In a high school English class unit called Love/Gender/Family Unit, Kathleen Reilly taught short stories by David Sedaris, Laura Lippman, Stephen King and Ernest Hemingway. But not anymore. She recently resigned, after parents demanded she remove the stories from the curriculum.
Parent Sue Ann Johnson was one of the more vocal objectors to the stories, arguing kids are being harmed:
“There is an agenda, people. Wake up,” she said. “We are desensitizing our children to violence. We’re desensitizing them to sex. We’re desensitizing them to drugs. We’re talking about the hearts and minds of the future of America.”
I can only wag my index finger of shame. This is a simple error, to suppose that exposing someone to violence/sex/drugs is the same as desensitization. Certainly desensitization is something to avoid, but would anyone say that visiting the slums in Kenya risks desensitizing students to poverty? The exposure would probably lead them to become more sensitive, perhaps even to act in positive ways on their sensitivities.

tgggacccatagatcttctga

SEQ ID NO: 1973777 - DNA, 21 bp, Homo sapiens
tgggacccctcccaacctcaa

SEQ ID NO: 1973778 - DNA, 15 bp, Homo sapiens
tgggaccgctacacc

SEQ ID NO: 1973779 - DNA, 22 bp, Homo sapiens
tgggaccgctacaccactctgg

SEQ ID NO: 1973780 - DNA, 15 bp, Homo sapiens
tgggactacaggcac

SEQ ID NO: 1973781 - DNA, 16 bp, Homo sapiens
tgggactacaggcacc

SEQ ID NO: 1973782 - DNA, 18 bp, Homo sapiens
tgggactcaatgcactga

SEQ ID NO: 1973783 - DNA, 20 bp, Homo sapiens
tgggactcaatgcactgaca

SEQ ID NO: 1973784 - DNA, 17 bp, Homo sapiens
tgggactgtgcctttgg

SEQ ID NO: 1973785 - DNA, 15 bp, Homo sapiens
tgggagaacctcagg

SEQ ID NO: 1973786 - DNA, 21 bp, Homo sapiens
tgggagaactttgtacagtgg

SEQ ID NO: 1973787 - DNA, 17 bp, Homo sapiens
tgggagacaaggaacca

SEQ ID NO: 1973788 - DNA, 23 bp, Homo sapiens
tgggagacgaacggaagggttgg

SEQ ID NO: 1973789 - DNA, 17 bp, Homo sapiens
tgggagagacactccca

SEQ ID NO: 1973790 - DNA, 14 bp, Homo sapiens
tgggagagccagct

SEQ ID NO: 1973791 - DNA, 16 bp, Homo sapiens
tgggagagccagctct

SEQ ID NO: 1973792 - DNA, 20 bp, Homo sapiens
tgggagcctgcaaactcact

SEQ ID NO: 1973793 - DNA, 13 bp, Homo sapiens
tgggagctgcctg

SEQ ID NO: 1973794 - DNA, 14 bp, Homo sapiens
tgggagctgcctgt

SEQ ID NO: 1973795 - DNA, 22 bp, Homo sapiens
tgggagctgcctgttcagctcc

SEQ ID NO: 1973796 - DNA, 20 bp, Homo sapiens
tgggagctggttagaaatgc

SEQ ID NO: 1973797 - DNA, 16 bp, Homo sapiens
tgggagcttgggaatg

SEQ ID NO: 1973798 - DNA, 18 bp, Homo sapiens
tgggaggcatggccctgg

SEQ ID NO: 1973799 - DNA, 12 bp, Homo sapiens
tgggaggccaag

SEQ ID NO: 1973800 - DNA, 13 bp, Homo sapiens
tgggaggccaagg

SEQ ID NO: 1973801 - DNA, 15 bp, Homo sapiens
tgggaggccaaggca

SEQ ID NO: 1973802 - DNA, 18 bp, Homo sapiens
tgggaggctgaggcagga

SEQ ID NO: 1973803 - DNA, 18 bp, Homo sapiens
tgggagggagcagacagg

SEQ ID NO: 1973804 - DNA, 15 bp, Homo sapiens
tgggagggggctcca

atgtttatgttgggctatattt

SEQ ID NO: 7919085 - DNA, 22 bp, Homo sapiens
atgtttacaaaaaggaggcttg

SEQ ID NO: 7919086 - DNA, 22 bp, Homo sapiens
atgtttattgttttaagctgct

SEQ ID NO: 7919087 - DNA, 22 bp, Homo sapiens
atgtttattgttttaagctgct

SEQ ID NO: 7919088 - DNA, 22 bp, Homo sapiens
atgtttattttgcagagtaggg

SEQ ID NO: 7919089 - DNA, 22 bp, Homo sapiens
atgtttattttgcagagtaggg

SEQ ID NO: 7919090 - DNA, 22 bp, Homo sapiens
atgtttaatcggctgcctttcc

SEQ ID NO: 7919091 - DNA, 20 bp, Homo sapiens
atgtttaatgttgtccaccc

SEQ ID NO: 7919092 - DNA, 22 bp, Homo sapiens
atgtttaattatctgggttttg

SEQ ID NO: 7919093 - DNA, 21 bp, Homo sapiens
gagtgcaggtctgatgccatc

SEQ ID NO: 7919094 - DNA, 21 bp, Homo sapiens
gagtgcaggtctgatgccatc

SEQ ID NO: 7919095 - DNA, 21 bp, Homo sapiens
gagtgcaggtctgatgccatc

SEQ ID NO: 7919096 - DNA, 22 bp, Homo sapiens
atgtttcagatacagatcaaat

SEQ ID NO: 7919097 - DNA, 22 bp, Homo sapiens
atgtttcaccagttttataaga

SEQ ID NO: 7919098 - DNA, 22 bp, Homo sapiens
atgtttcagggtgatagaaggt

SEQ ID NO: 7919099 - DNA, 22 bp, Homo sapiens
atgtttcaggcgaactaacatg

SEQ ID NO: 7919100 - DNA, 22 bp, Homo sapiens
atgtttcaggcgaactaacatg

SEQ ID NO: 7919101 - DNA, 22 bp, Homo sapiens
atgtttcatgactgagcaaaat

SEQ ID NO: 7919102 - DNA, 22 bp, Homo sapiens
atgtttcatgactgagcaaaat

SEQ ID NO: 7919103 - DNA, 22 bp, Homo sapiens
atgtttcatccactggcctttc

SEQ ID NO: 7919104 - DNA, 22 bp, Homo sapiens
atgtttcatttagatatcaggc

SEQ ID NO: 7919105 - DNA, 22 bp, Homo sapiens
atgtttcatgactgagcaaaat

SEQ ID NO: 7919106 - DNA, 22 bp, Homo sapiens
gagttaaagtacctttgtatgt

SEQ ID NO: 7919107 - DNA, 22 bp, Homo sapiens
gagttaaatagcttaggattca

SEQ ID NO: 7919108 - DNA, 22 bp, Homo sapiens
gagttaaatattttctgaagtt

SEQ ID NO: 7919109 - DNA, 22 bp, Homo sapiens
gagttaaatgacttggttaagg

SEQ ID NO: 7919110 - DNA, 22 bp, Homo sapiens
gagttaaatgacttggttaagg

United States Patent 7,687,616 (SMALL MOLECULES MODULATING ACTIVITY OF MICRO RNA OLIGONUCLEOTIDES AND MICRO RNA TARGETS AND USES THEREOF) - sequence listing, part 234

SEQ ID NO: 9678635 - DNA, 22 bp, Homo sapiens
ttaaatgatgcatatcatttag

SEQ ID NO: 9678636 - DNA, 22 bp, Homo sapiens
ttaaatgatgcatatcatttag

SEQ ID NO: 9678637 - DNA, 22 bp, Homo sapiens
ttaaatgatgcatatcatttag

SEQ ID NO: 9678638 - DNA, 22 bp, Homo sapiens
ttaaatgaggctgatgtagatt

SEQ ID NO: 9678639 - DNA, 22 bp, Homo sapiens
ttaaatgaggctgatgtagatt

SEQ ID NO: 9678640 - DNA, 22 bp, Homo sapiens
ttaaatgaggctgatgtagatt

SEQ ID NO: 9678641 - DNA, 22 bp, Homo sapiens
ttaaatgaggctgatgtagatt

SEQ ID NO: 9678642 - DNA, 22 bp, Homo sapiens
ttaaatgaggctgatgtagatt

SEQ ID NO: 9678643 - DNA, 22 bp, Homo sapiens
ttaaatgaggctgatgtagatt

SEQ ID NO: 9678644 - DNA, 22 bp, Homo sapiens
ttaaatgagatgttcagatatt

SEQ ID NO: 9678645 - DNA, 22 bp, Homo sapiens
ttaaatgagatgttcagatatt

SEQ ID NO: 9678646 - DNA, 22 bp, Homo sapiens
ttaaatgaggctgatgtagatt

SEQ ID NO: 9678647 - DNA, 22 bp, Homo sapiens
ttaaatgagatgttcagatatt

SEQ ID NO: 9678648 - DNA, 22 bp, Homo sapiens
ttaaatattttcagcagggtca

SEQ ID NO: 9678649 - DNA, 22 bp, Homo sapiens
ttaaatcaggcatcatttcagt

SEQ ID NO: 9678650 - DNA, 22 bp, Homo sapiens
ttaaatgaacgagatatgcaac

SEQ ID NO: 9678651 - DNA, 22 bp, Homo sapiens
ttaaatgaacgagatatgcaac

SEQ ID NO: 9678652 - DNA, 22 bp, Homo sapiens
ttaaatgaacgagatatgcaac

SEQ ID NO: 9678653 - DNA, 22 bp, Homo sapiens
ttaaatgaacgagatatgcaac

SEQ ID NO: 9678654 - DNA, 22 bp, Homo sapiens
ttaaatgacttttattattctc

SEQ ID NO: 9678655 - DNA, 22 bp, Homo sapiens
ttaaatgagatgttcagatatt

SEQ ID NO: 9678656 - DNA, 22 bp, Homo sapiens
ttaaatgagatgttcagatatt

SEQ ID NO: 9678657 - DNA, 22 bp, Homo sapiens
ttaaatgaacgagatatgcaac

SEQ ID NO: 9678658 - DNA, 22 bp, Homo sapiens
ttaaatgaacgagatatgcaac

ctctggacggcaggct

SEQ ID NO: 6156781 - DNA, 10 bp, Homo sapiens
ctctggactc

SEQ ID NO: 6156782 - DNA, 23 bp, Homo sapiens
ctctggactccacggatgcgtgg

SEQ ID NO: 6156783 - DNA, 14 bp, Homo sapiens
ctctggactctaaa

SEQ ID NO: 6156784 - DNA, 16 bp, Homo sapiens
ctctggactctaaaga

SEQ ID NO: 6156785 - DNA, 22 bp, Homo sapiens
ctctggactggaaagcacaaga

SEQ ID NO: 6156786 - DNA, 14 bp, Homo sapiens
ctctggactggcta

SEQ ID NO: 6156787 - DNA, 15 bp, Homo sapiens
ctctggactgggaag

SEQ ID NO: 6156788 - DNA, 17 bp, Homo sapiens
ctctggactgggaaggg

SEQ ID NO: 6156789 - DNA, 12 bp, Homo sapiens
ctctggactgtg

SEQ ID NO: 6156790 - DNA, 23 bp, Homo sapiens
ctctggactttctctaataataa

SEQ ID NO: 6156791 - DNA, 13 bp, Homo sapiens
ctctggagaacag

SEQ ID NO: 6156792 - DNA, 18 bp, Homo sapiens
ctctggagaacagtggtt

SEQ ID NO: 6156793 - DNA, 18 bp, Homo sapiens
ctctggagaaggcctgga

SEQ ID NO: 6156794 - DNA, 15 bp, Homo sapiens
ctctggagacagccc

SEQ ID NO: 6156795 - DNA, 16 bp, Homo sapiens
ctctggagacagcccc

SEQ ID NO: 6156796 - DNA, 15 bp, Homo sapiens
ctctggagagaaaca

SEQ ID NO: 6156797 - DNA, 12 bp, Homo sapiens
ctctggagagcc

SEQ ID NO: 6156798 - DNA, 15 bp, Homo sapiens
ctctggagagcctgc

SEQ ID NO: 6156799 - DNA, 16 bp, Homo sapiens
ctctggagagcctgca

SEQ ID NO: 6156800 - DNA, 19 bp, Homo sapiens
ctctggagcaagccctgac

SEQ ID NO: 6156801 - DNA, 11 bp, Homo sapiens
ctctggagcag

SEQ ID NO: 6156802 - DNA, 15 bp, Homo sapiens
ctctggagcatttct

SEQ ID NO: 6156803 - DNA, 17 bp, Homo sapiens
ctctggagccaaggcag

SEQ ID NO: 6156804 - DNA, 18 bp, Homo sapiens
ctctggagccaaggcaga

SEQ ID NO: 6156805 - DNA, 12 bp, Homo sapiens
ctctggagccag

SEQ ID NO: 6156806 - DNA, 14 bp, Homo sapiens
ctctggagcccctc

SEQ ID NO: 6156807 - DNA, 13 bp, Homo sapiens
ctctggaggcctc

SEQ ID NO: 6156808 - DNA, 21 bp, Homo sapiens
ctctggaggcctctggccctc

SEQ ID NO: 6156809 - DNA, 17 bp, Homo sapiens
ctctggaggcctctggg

I’m reminded of Chuck Palahniuk’s defense of Fight Club, how he argued that portraying violence in all its real, mucky messiness was the best antidote for the glorified fakery in movies that leads to desensitization.
Literature is the best possible place to expose students to such things. You can’t help but think that most acts of censorship are a failure to read properly; in other words, a form of illiteracy. It’s a failure to read literature as it’s meant to be read — not as a nonfiction book advocating a particular lifestyle, but an interaction and exploration of life itself.
The National Coalition Against Censorship has also picked up the story. There’s a you-go-get-’em editorial in the local newspaper, too, from a recent graduate arguing that his alma mater should keep the short stories in the curriculum. It’s cute because it’s so winsome.
Perhaps we need some kind of Short Story Superhero that can defend against these censorship mafias. With a suit and a spiffy motto, nothing could withstand Short Story Man! He could leap tall parents in a single bound. He could cast protective webs around the banned books.
Okay, I’ll stop now.
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